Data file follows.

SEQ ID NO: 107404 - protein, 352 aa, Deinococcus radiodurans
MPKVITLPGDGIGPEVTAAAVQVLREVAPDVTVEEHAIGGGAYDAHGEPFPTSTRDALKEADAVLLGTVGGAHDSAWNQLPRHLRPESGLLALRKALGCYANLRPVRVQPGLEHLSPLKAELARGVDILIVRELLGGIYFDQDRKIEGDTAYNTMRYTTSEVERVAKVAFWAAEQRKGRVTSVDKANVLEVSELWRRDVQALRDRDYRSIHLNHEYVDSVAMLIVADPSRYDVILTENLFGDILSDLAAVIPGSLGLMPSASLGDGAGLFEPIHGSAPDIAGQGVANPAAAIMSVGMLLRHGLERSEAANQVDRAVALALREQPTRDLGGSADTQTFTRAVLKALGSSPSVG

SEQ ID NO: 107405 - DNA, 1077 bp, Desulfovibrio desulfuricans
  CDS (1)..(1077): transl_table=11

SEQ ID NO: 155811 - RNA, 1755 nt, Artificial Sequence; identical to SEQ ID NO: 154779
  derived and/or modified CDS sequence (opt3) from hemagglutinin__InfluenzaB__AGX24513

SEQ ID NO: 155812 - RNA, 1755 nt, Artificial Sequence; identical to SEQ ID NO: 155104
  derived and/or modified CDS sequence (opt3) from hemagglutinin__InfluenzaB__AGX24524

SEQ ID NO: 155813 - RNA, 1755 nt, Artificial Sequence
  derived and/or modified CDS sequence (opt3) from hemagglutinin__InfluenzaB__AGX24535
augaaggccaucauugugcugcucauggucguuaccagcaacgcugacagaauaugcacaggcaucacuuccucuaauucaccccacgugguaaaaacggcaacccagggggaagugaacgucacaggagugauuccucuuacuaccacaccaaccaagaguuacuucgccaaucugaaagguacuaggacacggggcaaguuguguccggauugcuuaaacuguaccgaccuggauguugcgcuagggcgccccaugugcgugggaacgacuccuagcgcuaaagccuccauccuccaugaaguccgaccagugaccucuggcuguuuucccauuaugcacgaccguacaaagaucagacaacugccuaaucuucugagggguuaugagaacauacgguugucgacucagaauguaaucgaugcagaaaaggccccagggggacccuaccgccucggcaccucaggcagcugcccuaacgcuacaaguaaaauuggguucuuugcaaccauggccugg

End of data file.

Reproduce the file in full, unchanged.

SEQ ID NO: 107404 - protein, 352 aa, Deinococcus radiodurans
MPKVITLPGDGIGPEVTAAAVQVLREVAPDVTVEEHAIGGGAYDAHGEPFPTSTRDALKEADAVLLGTVGGAHDSAWNQLPRHLRPESGLLALRKALGCYANLRPVRVQPGLEHLSPLKAELARGVDILIVRELLGGIYFDQDRKIEGDTAYNTMRYTTSEVERVAKVAFWAAEQRKGRVTSVDKANVLEVSELWRRDVQALRDRDYRSIHLNHEYVDSVAMLIVADPSRYDVILTENLFGDILSDLAAVIPGSLGLMPSASLGDGAGLFEPIHGSAPDIAGQGVANPAAAIMSVGMLLRHGLERSEAANQVDRAVALALREQPTRDLGGSADTQTFTRAVLKALGSSPSVG

SEQ ID NO: 107405 - DNA, 1077 bp, Desulfovibrio desulfuricans
  CDS (1)..(1077): transl_table=11

SEQ ID NO: 155811 - RNA, 1755 nt, Artificial Sequence; identical to SEQ ID NO: 154779
  derived and/or modified CDS sequence (opt3) from hemagglutinin__InfluenzaB__AGX24513

SEQ ID NO: 155812 - RNA, 1755 nt, Artificial Sequence; identical to SEQ ID NO: 155104
  derived and/or modified CDS sequence (opt3) from hemagglutinin__InfluenzaB__AGX24524

SEQ ID NO: 155813 - RNA, 1755 nt, Artificial Sequence
  derived and/or modified CDS sequence (opt3) from hemagglutinin__InfluenzaB__AGX24535
augaaggccaucauugugcugcucauggucguuaccagcaacgcugacagaauaugcacaggcaucacuuccucuaauucaccccacgugguaaaaacggcaacccagggggaagugaacgucacaggagugauuccucuuacuaccacaccaaccaagaguuacuucgccaaucugaaagguacuaggacacggggcaaguuguguccggauugcuuaaacuguaccgaccuggauguugcgcuagggcgccccaugugcgugggaacgacuccuagcgcuaaagccuccauccuccaugaaguccgaccagugaccucuggcuguuuucccauuaugcacgaccguacaaagaucagacaacugccuaaucuucugagggguuaugagaacauacgguugucgacucagaauguaaucgaugcagaaaaggccccagggggacccuaccgccucggcaccucaggcagcugcccuaacgcuacaaguaaaauuggguucuuugcaaccauggccugg